This site is written by practitioners and for practitioners, particularly union leaders. While FLRA has produced thousands of decisions and the federal courts hundreds of more, too many of those decisions do not give practitioners useable advice or guidelines. In fact, too many of those decisions are clearly hair-splitting, overly complicated exercises in legal gymnastics that salve the ego of the drafters, but do little practical good.
For example, the FLRA and its Administrative Law Judges have had to issue about 100 “particularized need” decisions in the last 20 years because it is such an unclear and complicated rule. Federal courts have had to write nearly a dozen of their own decisions trying to rescue a clearly unusable precedent. Imagine how difficult practitioners find it trying to apply a rule that even the FLRA and courts cannot seem to agree upon.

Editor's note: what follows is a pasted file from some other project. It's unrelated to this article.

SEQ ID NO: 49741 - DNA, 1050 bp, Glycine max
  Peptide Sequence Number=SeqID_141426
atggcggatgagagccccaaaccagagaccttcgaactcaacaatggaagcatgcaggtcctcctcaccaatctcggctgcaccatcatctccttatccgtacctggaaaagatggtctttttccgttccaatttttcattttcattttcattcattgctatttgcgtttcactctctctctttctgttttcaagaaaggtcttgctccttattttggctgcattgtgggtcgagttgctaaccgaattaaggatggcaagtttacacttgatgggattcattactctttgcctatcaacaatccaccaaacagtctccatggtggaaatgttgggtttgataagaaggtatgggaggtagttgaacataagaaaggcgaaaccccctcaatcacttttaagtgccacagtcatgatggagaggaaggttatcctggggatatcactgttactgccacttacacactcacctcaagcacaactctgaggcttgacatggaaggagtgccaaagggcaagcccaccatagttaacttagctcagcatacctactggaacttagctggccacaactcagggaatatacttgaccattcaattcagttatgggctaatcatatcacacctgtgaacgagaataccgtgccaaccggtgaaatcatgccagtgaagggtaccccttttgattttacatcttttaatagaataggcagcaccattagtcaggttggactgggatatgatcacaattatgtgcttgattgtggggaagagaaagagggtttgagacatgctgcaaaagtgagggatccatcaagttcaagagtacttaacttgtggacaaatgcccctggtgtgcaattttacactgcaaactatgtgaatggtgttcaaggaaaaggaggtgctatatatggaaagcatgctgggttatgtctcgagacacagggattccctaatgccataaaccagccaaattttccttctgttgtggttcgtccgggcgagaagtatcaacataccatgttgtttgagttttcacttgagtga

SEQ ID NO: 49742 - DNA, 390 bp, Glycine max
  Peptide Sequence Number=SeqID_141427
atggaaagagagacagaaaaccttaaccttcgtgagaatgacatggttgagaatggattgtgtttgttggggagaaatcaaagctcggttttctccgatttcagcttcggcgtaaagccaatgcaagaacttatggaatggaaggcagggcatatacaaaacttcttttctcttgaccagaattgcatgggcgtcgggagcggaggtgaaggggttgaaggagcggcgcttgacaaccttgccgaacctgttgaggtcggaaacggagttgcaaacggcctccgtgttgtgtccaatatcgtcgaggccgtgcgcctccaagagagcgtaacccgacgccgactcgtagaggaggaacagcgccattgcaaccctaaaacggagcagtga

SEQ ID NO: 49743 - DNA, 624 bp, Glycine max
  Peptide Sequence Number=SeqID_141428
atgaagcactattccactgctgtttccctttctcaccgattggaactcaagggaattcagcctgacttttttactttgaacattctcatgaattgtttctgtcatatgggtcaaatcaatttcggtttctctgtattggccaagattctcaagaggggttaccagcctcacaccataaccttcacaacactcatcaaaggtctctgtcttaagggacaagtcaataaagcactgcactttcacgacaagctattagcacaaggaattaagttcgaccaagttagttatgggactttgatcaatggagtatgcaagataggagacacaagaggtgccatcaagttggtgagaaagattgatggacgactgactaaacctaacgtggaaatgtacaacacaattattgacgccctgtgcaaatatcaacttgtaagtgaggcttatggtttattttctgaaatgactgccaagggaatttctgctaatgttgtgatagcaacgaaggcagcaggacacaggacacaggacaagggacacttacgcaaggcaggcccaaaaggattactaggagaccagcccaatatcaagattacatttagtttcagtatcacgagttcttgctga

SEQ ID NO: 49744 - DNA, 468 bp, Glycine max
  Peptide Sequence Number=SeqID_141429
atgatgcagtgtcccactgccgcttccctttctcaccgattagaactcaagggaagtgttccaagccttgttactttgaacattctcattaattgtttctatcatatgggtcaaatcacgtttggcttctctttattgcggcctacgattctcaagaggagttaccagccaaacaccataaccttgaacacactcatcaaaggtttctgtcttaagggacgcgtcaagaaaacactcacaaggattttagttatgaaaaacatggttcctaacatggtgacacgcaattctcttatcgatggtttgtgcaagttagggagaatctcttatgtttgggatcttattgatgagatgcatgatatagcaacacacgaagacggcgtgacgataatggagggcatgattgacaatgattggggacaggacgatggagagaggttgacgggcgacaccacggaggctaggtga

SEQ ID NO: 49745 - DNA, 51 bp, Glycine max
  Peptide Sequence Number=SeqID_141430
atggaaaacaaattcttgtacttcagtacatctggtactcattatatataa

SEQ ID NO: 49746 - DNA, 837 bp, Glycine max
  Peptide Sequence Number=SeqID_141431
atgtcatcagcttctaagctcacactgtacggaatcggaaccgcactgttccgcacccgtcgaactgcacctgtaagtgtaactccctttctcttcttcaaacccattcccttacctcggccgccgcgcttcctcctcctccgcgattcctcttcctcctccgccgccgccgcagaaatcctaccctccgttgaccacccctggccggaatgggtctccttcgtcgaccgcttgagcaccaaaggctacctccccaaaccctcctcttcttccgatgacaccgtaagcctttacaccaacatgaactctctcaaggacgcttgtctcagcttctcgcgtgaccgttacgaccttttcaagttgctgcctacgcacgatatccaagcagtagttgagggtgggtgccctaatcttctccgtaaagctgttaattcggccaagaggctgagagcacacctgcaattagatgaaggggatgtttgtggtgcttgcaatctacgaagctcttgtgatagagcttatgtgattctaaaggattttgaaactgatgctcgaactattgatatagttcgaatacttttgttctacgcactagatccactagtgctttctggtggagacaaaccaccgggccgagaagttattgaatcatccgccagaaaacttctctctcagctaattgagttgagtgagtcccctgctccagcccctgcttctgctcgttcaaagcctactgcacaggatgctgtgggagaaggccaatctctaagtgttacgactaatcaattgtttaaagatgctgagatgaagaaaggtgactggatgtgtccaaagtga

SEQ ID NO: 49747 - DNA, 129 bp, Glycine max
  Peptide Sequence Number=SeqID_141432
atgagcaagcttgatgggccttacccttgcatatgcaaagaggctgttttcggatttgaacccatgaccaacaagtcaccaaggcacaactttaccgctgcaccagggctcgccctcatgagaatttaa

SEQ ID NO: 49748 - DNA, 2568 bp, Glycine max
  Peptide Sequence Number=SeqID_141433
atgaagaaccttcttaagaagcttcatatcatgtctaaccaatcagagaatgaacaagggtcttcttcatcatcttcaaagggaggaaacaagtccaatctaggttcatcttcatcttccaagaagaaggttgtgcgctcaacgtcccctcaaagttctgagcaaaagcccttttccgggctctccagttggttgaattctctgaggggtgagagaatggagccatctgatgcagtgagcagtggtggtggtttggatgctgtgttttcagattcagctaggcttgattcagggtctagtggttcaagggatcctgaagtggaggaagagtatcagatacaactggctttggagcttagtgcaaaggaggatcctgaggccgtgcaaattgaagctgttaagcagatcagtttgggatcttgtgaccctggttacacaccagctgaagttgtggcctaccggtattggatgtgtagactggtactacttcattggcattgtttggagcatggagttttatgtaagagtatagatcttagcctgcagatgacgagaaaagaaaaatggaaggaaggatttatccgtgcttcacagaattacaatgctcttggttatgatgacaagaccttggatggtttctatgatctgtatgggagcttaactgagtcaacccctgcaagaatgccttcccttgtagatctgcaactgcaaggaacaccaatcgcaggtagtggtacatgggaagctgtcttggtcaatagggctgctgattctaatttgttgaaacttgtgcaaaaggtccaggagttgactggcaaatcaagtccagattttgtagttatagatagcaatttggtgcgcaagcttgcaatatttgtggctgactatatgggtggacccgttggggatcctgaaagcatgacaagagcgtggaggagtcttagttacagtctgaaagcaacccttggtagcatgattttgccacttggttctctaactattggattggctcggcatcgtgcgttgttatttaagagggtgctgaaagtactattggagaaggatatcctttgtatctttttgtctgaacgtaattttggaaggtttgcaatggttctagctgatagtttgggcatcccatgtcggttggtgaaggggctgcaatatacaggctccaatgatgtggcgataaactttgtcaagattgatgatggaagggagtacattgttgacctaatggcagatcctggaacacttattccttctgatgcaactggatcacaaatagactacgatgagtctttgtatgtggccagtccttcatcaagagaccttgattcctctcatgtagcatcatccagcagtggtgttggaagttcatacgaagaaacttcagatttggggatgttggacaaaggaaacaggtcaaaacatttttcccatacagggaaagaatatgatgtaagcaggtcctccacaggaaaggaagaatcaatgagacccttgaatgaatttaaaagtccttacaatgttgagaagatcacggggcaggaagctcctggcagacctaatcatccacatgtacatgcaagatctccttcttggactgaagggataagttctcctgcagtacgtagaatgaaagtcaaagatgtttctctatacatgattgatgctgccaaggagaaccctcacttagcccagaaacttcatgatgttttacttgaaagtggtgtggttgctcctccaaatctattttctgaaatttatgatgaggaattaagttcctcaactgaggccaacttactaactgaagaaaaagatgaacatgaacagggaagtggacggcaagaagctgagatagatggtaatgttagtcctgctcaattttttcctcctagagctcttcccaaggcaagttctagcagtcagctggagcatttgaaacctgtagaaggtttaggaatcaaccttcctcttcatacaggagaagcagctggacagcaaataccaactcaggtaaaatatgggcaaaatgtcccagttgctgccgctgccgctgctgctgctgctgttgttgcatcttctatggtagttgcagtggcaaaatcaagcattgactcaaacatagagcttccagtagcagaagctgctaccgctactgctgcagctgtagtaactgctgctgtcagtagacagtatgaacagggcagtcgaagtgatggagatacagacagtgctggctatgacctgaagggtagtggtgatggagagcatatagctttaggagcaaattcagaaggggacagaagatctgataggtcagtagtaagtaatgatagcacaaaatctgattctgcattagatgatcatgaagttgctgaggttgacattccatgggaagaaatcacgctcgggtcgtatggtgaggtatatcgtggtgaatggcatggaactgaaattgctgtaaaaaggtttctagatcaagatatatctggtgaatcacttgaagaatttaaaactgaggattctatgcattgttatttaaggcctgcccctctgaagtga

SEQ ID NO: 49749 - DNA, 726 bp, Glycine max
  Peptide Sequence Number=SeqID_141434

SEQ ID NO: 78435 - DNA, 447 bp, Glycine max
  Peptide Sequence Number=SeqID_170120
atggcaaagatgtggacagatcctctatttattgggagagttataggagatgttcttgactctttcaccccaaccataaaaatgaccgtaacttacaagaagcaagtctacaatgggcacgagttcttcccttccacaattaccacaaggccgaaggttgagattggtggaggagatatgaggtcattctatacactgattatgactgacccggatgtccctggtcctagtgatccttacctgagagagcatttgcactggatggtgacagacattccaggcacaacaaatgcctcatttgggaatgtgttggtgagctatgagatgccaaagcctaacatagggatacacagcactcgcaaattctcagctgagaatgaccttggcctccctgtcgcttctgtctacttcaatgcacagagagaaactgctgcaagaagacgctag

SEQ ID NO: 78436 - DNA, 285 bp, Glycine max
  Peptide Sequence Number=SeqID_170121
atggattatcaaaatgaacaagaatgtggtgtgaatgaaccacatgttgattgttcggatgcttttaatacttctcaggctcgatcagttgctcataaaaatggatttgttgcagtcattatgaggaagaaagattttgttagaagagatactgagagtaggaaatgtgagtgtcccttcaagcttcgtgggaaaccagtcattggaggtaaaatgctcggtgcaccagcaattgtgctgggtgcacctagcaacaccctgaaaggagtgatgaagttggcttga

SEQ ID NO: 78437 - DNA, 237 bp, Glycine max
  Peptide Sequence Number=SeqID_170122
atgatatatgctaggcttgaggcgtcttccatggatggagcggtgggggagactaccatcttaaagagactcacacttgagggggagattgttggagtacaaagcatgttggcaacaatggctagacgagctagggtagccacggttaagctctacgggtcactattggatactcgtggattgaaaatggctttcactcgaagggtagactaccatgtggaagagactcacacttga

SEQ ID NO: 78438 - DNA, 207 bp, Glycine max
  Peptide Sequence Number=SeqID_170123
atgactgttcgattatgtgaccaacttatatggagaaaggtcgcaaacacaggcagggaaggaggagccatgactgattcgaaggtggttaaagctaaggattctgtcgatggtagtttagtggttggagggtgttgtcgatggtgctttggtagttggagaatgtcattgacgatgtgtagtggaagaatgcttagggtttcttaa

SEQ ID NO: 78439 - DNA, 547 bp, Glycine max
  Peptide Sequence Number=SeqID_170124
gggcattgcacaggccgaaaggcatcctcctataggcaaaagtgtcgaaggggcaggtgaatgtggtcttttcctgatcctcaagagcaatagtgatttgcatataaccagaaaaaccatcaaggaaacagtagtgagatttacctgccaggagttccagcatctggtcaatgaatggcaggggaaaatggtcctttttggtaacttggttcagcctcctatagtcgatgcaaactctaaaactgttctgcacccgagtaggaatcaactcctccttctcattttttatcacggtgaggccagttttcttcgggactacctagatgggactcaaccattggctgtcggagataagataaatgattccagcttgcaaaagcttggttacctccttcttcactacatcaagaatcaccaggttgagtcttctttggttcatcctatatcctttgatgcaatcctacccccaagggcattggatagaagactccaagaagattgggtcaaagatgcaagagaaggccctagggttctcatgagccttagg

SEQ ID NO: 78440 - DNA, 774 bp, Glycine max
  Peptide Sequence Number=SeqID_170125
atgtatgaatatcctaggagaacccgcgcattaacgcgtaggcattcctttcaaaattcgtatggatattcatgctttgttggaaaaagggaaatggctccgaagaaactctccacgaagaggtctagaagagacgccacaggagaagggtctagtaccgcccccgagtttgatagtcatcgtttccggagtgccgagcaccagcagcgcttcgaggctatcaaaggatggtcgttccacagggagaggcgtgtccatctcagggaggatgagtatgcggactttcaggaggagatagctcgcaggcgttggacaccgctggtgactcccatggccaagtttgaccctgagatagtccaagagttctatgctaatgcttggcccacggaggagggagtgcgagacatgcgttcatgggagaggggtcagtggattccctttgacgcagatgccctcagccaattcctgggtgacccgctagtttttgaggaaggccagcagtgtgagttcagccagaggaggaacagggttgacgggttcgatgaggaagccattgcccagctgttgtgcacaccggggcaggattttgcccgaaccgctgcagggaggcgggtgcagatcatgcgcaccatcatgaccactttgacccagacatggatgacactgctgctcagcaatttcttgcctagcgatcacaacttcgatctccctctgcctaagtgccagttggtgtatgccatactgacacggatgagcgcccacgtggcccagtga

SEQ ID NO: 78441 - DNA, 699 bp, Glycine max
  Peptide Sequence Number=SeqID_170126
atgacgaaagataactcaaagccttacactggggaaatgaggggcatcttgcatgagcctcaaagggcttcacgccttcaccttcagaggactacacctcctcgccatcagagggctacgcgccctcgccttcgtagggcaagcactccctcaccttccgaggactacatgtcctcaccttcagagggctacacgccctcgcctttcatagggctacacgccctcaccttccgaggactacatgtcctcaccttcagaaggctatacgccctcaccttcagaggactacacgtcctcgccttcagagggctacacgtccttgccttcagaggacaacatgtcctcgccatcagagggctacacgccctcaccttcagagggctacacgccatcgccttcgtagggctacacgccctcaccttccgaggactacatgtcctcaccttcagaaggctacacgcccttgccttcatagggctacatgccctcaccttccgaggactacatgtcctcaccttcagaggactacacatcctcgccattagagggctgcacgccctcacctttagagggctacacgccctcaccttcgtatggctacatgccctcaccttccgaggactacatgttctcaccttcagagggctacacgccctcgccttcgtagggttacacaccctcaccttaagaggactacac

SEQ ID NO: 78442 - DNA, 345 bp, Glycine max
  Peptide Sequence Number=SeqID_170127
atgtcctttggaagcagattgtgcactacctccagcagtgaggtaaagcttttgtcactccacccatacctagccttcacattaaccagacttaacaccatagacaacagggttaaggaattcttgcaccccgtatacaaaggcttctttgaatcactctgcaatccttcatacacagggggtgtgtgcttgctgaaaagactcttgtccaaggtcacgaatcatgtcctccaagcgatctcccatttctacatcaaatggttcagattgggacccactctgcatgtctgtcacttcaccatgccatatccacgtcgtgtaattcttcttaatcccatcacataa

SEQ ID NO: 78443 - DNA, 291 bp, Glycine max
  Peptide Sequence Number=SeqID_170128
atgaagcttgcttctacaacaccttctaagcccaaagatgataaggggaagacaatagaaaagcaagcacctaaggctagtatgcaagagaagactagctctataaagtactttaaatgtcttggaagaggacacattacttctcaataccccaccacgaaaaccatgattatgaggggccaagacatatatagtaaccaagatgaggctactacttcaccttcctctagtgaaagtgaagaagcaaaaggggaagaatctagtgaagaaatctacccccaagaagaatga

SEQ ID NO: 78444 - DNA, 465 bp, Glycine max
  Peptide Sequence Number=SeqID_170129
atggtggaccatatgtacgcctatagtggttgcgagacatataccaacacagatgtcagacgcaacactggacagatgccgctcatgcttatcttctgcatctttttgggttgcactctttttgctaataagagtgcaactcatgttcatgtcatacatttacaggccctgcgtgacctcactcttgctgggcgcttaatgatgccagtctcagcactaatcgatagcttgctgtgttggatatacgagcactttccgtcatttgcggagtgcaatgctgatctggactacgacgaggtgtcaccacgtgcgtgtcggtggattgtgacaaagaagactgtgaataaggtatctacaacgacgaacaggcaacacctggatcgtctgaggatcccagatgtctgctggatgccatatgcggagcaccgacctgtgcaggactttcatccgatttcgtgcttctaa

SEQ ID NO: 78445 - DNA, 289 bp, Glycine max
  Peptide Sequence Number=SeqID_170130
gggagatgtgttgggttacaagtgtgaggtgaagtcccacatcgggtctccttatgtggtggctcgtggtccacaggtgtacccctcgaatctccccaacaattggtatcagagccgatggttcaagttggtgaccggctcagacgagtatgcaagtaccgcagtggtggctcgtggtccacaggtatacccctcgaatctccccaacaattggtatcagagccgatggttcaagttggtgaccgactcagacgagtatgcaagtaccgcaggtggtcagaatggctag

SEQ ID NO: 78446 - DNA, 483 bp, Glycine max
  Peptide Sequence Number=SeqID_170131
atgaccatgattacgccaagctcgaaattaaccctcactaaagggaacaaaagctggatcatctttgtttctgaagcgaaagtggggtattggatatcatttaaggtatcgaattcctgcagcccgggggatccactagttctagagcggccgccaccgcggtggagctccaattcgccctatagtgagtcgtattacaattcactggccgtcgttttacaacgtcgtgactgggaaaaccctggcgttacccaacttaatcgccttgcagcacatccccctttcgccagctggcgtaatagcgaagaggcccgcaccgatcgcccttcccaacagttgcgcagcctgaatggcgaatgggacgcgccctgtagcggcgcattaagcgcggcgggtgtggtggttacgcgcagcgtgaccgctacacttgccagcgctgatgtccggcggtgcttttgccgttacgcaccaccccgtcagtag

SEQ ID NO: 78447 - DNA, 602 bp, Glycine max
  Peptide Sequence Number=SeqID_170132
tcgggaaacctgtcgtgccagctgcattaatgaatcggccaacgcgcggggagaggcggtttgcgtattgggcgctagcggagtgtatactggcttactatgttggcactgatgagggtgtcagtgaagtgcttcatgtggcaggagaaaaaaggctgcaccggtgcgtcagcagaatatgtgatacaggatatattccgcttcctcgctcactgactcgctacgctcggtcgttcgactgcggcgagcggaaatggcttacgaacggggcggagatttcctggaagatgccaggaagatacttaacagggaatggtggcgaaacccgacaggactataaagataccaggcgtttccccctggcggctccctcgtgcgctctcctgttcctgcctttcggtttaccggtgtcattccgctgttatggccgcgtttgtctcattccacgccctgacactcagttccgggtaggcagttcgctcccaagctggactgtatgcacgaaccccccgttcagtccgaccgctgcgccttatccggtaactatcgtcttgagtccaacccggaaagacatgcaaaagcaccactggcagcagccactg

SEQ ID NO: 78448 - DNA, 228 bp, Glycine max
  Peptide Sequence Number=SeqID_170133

The same could be said about the 12 criteria that practitioners are supposed to apply to identify whether a meeting is a formal discussion, the litigation-breeding notion of “covered-by,” and the negotiability rules. The statute often is administered more as a full employment program for attorneys than a set of rules for employees and managers trying to do their jobs.
FEDSMILL is on the side of practitioners and will use its visibility to challenge the FLRA, courts and other regulators to issue decisions that actually help practitioners rather than simply boost the liabilities.